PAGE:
need a subscript to distinguish this set from APRS (MS ), the set of associated primes of

the RS -module MS .

1.4.1 Lemma

Let P be a prime ideal not meeting S. If P ∈ APR (M ), then PS = P RS ∈ APRS (MS ).

(By the above discussion, the map P ’ PS is the restriction of a bijection and therefore

must be injective.)

Proof. If P is the annihilator of the nonzero element x ∈ M , then PS is the annihilator

of the nonzero element x/1 ∈ MS . (By (1.3.6), no element of S can be a zero-divisor,

so x/1 is indeed nonzero.) For if a ∈ P and a/s ∈ PS , then (a/s)(x/1) = ax/s = 0.

Conversely, if (a/s)(x/1) = 0, then there exists t ∈ S such that tax = 0, and it follows

that a/s = at/st ∈ PS . ™

1.4.2 Lemma

The map of (1.4.1) is surjective, hence is a bijection of APR (M ) © C and APRS (MS ).

Proof. Let P be generated by a1 , . . . , an . Suppose that PS is the annihilator of the

nonzero element x/t ∈ MS . Then (ai /1)(x/t) = 0, 1 ¤ i ¤ n. For each i there exists

si ∈ S such that si ai x = 0. If s is the product of the si , then sai x = 0 for all i, hence

sax = 0 for all a ∈ P . Thus P ⊆ ann(sx). On the other hand, suppose b annihilates sx.

Then (b/1)(x/t) = bsx/st = 0, so b/1 ∈ PS , and consequently b/1 = b /s for some b ∈ P

and s ∈ S. This means that for some u ∈ S we have u(bs ’ b ) = 0. Now b , hence ub ,

belongs to P , and therefore so does ubs . But us ∈ P (because S © P = …). We conclude

/

that b ∈ P , so P = ann(sx). As in (1.4.1), s cannot be a zero-divisor, so sx = 0 and the

proof is complete. ™

1.4.3 Lemma

Let M be a ¬nitely generated module over the Noetherian ring R, and N a P -primary

submodule of M . Let P be any prime ideal of R, and set M = MP , N = NP . If

P ⊆ P , then N = M .

Proof. By (1.4.1) and (1.4.2), there is a bijection between APRP (M/N )P (which coin-

cides with APRP (M /N )) and the intersection APR (M/N ) © C, where C is the set of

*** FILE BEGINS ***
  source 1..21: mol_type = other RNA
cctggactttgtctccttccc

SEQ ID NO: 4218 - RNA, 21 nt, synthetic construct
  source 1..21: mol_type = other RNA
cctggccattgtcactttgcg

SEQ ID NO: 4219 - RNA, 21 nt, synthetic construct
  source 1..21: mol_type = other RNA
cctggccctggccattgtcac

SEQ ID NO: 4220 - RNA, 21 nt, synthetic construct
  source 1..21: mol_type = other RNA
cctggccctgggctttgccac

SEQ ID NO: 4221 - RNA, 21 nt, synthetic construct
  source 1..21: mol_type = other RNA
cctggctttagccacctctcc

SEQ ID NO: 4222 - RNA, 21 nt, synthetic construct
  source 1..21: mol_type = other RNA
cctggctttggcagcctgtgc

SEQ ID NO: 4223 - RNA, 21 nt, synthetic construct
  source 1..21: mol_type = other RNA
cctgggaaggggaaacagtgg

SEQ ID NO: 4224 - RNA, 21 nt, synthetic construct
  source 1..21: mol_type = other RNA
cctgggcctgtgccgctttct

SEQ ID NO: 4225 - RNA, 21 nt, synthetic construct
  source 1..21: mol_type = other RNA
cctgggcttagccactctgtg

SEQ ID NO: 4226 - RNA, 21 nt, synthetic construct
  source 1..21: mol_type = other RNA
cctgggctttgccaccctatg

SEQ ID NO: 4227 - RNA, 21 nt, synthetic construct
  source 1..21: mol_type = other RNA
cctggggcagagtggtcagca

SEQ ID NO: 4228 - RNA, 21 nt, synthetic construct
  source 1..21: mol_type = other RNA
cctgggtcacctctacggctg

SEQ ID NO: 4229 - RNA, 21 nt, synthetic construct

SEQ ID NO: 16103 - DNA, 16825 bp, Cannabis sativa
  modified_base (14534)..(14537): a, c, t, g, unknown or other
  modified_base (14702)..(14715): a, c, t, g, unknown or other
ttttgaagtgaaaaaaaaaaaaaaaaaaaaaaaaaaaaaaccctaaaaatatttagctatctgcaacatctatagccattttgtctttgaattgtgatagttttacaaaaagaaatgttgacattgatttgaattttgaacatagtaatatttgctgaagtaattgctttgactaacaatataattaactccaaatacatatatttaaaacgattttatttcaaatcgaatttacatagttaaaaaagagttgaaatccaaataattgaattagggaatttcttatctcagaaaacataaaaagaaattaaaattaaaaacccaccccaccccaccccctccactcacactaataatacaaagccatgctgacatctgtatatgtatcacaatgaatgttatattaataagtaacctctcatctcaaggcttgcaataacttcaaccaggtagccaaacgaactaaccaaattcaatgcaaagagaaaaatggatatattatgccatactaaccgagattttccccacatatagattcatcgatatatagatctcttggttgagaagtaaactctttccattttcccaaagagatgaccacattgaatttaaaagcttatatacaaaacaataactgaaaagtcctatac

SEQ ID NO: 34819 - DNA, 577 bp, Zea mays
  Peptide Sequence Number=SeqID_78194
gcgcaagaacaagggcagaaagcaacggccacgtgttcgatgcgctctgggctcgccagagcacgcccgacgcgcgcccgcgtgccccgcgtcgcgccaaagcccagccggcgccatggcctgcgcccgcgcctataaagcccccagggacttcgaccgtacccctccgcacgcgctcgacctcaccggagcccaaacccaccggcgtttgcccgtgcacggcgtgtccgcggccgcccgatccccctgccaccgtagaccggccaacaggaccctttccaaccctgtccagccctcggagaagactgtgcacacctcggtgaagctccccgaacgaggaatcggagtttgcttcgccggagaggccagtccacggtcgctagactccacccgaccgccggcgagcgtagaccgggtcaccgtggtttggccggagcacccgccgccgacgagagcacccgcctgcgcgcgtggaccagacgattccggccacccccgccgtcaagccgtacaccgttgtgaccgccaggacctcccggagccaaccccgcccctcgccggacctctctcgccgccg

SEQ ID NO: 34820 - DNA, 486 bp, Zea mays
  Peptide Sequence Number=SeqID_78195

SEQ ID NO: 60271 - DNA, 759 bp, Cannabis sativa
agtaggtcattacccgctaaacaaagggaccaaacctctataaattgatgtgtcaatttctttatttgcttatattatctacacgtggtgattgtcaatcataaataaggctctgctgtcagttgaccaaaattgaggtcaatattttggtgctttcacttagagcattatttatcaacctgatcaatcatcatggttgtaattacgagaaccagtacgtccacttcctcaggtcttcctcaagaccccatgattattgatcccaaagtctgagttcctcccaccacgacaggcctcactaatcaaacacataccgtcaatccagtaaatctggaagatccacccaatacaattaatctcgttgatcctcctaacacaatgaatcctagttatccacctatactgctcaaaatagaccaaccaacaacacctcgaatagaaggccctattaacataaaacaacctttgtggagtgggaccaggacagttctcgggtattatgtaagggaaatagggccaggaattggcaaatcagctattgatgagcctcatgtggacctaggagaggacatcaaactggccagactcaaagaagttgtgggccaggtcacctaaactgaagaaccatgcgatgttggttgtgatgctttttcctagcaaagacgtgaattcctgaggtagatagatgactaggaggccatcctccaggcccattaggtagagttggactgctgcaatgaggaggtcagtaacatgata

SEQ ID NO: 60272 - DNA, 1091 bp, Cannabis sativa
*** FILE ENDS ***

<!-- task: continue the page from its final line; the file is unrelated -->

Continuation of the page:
prime ideals contained in P (in other words, not meeting S = R \ P ). By (1.3.11), there

is only one associated prime of M/N over R, namely P , which is not contained in P by

hypothesis. Thus APR (M/N ) © C is empty, so by (1.3.3), M /N = 0, and the result

follows. ™

8 CHAPTER 1. PRIMARY DECOMPOSITION AND ASSOCIATED PRIMES

At the beginning of the proof of (1.4.3), we have taken advantage of the isomorphism

between (M/N )P and M /N . The result comes from the exactness of the localization

functor. If this is unfamiliar, look ahead to the proof of (1.5.3), where the technique is

spelled out. See also TBGY, Section 8.5, Problem 5.

1.4.4 Lemma

In (1.4.3), if P ⊆ P , then N = f ’1 (N ), where f is the natural map from M to M .

Proof. As in (1.4.3), APR (M/N ) = {P }. Since P ⊆ P , we have R \ P ⊆ R \ P . By

(1.3.6), R \ P contains no zero-divisors of M/N , because all such zero-divisors belong to

P . Thus the natural map g : x ’ x/1 of M/N to (M/N )P ∼ M /N is injective. (If

=

x/1 = 0, then sx = 0 for some s ∈ S = R \ P , and since s is not a zero-divisor, we have

x = 0.)

If x ∈ N , then f (x) ∈ N by de¬nition of f , so assume x ∈ f ’1 (N ). Then f (x) ∈ N ,

so f (x) + N is 0 in M /N . By injectivity of g, x + N is 0 in M/N , in other words, x ∈ N ,

and the result follows. ™

1.4.5 Second Uniqueness Theorem

Let M be a ¬nitely generated module over the Noetherian ring R. Suppose that N =

©r Ni is a reduced primary decomposition of the submodule N , and Ni is Pi -primary,

i=1

i = 1, . . . , r. If Pi is minimal, then (regarding M and R as ¬xed) Ni is uniquely determined

by N .

Proof. Suppose that P1 is minimal, so that P1 ⊇ Pi , i > 1. By (1.4.3) with P =

Pi , P = P1 , we have (Ni )P1 = MP1 for i > 1. By (1.4.4) with P = P = P1 , we have

N1 = f ’1 [(N1 )P1 ], where f is the natural map from M to MP1 . Now

NP1 = (N1 )P1 © ©r (Ni )P1 = (N1 )P1 © MP1 = (N1 )P1 .

i=2

Thus N1 = f ’1 [(N1 )P1 ] = f ’1 (NP1 ) depends only on N and P1 , and since P1 depends

on the ¬xed ring R, it follows that N1 depends only on N . ™

1.5 The Support of a Module

The support of a module M is closely related to the set of associated primes of M . We

will need the following result in order to proceed.

1.5.1 Proposition

M is the zero module if and only if MP = 0 for every prime ideal P , if and only if MM = 0